What happened

Shares of Shopify (NYSE: SHOP) crashed by 36.9% in April, according to data provided by S&P Global Market Intelligence.

Year to date, shares of the e-commerce platform operator have lost more than two-thirds of their value.

Image source: Getty images.

So what

The sharp fall in Shopify’s share price should be taken in context when compared to the decline in the Nasdaq Composite Index. The index, which is made up mostly of growth stocks, slid 13.3% in its worst month since October 2008. The company had announced a 57% year-over-year jump in revenue for 2021 and enjoyed a 47% year-over-year increase in gross merchandise value. Harley Finkelstein, Shopify’s president, had admitted that the last two years have been “extraordinary” for the provider of internet infrastructure for a wide range of businesses looking to digitize and sell online.

Investors are probably spooked by Shopify’s guidance for lower year-over-year revenue growth come the first quarter of 2022, along with revised contract terms with its partners that will change the revenue recognition from gross, to net.

These warnings, coupled with increased marketing spending and platform enhancements, could hurt earnings. Operating income might come in significantly lower than in 2021.

Now what

Shopify surprised the market by announcing a 10-for-1 stock split for both its Class A and B shares to make them more affordable for investors.

While this practice is in line with what Alphabet (NASDAQ: GOOGL) has done recently, the company had an additional announcement: the creation of a new class of shares, the Founder shares, that will be handed to Tobi Lütke, the founder of Shopify. This will provide him and his immediate family with a total of 40% of the voting power of the company’s outstanding shares. However, this share will only be active if he continues to stay with Shopify, and is not transferable.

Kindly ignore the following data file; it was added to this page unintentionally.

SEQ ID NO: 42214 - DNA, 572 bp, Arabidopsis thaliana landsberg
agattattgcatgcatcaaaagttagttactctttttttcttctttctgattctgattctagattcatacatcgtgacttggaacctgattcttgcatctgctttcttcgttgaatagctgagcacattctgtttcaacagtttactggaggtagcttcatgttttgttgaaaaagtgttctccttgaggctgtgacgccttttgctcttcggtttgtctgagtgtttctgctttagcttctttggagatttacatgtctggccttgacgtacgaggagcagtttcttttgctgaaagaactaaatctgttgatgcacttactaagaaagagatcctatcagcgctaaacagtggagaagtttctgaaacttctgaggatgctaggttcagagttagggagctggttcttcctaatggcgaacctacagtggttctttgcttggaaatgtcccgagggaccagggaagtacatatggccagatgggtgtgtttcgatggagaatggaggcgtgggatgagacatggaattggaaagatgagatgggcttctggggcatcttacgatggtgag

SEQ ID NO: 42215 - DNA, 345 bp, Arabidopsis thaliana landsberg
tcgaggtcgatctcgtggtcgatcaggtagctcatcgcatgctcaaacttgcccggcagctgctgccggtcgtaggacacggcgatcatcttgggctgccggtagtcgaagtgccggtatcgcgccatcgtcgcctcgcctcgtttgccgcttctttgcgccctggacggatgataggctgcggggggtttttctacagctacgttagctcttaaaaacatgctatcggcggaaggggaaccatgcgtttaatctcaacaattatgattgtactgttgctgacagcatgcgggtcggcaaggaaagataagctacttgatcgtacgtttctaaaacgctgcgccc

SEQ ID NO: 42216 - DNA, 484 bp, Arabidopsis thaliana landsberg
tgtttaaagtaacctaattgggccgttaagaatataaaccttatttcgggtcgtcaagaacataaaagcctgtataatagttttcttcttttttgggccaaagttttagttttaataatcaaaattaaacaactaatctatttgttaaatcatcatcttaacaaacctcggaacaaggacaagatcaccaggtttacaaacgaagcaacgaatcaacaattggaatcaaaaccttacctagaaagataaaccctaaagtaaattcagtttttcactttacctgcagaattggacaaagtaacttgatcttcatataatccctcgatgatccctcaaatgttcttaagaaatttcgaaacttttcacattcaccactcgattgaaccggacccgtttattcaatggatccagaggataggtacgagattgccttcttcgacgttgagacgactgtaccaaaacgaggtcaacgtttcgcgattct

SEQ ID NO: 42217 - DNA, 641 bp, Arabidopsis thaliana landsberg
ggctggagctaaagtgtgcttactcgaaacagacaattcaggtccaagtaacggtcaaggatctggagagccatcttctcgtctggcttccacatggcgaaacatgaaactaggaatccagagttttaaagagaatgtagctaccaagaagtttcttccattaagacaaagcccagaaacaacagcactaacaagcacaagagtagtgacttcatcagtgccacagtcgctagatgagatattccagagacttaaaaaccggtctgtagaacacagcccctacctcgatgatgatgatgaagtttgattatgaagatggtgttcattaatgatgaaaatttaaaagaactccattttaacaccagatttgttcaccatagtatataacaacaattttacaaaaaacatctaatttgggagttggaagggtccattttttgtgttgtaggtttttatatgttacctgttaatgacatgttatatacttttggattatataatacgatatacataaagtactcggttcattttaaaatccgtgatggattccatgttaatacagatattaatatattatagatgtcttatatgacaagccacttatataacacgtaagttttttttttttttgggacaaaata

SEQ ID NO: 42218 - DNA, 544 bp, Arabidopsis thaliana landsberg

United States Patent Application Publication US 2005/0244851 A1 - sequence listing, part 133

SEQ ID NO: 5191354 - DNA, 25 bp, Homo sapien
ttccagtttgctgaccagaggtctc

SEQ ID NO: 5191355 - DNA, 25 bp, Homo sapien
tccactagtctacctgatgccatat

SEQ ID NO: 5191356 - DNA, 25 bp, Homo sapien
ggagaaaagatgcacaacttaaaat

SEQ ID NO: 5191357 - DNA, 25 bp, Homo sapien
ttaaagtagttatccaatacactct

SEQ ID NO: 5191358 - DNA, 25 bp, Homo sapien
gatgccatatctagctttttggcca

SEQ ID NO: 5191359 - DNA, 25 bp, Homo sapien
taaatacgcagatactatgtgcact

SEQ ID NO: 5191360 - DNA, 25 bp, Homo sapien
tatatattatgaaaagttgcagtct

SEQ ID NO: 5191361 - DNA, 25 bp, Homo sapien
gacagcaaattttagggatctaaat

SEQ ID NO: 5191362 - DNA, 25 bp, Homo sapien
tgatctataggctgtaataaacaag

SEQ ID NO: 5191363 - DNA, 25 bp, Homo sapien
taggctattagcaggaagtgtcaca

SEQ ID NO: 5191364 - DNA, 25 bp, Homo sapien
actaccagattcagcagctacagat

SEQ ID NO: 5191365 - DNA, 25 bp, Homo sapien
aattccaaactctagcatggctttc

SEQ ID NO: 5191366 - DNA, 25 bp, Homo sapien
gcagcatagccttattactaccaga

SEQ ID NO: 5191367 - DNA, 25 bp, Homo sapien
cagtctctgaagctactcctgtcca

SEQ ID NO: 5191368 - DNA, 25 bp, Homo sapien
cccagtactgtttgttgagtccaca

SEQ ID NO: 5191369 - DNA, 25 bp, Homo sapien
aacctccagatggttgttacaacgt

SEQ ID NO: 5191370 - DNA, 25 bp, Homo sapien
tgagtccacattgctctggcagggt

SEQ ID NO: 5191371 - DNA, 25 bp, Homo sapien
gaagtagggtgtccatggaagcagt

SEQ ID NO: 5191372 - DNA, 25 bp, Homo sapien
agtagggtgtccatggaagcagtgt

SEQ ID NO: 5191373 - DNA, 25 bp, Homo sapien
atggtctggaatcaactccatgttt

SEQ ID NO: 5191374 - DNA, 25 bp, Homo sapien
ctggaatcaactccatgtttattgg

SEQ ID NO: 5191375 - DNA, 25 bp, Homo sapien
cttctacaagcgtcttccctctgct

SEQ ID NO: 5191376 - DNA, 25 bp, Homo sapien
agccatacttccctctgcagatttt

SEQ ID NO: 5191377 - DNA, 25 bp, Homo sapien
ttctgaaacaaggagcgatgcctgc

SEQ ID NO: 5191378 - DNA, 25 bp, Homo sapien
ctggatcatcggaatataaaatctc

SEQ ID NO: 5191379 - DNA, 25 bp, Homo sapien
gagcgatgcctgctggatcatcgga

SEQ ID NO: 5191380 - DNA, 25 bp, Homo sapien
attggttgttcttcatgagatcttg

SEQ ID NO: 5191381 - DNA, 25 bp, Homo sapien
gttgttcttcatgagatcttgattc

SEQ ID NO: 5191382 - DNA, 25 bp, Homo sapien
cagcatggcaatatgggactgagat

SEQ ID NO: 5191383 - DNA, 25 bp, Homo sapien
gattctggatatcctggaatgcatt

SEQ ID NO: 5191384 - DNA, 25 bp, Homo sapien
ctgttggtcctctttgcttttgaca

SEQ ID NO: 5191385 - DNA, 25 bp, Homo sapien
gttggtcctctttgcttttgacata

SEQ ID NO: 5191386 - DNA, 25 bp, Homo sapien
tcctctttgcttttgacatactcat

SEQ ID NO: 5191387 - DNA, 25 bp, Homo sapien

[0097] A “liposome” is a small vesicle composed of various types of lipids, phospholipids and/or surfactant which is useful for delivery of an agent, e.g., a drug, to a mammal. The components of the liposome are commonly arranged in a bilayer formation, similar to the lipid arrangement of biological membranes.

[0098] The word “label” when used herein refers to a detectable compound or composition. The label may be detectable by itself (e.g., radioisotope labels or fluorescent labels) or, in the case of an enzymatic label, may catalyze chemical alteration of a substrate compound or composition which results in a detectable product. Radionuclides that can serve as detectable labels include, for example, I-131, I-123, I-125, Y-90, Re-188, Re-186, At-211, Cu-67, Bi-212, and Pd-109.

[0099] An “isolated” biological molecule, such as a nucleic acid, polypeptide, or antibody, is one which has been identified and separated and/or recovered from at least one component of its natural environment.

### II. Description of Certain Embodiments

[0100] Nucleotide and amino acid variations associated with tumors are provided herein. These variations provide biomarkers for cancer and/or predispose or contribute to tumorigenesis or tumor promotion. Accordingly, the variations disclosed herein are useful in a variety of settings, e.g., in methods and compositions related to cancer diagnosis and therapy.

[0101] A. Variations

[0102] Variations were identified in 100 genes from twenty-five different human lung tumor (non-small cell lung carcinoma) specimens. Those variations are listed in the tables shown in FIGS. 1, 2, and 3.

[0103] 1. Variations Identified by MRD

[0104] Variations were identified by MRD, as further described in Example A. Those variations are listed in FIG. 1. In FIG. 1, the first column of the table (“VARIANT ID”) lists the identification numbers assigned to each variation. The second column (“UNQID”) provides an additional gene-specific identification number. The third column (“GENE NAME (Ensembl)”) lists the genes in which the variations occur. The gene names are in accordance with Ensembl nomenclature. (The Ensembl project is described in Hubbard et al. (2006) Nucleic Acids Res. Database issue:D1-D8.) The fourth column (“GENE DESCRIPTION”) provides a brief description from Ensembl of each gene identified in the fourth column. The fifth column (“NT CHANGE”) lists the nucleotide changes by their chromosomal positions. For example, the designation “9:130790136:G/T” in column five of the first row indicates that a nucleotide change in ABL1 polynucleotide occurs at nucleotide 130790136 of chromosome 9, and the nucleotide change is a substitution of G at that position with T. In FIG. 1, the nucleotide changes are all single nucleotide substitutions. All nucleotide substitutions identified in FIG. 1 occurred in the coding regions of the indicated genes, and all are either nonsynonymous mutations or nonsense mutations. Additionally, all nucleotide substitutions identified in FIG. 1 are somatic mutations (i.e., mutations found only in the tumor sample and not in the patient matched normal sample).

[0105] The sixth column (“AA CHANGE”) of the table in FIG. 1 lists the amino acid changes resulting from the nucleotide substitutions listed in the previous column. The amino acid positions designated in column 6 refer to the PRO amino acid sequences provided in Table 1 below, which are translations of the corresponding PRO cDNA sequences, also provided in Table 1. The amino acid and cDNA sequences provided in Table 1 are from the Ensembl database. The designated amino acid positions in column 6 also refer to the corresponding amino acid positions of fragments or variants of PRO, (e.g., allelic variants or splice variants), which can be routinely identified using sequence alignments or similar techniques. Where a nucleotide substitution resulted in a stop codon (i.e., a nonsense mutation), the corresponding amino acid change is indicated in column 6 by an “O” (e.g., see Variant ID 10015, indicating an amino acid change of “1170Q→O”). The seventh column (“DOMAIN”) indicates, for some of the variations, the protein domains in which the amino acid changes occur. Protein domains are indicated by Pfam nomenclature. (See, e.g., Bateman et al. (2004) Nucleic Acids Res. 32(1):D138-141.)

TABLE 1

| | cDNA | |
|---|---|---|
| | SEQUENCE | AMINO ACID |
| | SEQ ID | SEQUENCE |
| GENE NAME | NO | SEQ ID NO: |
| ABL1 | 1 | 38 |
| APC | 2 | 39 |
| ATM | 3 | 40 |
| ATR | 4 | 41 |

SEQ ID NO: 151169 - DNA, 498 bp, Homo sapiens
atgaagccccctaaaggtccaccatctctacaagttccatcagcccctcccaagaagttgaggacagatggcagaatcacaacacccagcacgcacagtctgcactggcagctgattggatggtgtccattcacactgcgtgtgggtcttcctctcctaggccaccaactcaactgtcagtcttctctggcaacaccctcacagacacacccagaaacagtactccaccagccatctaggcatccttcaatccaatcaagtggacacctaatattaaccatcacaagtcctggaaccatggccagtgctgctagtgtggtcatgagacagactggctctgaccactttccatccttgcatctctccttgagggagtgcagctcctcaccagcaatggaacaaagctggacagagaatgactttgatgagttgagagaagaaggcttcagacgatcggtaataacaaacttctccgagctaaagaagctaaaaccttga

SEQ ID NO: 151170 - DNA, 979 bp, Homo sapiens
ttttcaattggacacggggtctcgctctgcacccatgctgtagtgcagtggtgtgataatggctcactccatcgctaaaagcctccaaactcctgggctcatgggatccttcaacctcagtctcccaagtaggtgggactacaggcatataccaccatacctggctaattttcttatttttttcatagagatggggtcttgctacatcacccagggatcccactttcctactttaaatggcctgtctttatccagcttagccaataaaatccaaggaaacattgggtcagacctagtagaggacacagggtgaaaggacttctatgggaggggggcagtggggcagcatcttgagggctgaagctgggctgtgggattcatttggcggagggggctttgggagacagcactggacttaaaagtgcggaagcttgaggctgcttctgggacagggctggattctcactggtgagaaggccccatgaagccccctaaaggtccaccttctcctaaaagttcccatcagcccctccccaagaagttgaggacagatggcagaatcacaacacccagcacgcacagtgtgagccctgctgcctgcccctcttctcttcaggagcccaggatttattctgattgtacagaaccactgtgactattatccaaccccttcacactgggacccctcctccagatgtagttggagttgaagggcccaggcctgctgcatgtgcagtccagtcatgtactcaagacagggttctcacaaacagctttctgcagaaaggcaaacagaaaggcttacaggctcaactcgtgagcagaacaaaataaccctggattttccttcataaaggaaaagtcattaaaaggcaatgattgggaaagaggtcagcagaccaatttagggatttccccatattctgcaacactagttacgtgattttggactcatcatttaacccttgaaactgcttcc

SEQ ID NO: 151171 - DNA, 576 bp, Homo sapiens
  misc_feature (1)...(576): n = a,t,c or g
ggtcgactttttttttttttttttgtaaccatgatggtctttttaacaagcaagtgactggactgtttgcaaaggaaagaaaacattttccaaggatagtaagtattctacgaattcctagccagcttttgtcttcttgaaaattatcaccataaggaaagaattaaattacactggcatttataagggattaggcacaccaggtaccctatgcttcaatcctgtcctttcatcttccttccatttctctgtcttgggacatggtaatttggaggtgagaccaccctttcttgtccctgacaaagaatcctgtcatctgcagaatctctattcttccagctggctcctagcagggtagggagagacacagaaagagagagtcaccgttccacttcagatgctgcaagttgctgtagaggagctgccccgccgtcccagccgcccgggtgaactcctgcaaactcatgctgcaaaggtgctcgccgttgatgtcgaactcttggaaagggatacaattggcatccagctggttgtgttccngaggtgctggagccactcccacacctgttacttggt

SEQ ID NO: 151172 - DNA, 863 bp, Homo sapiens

Though this announcement may seem unconventional, investors should note that Lütke already controls the majority of voting shares in the company, so the creation of this additional class of shares is not expected to materially change anything.

Meanwhile, Shopify is focusing on a few investment themes for this year that include new ways for merchants to connect with more buyers, deepening the relationship between both parties, and helping merchants to go global with their products and services. The company has laid out a total addressable market of $160 billion that it plans to tap into and is confident of being able to generate consistent growth in the years ahead.

Suzanne Frey, an executive at Alphabet, is a member of The Motley Fool’s board of directors. Royston Yang has positions in Alphabet (A shares). The Motley Fool has positions in and recommends Alphabet (A shares) and Shopify. The Motley Fool recommends Alphabet (C shares) and recommends the following options: long January 2023 $1,140 calls on Shopify and short January 2023 $1,160 calls on Shopify. The Motley Fool has a disclosure policy.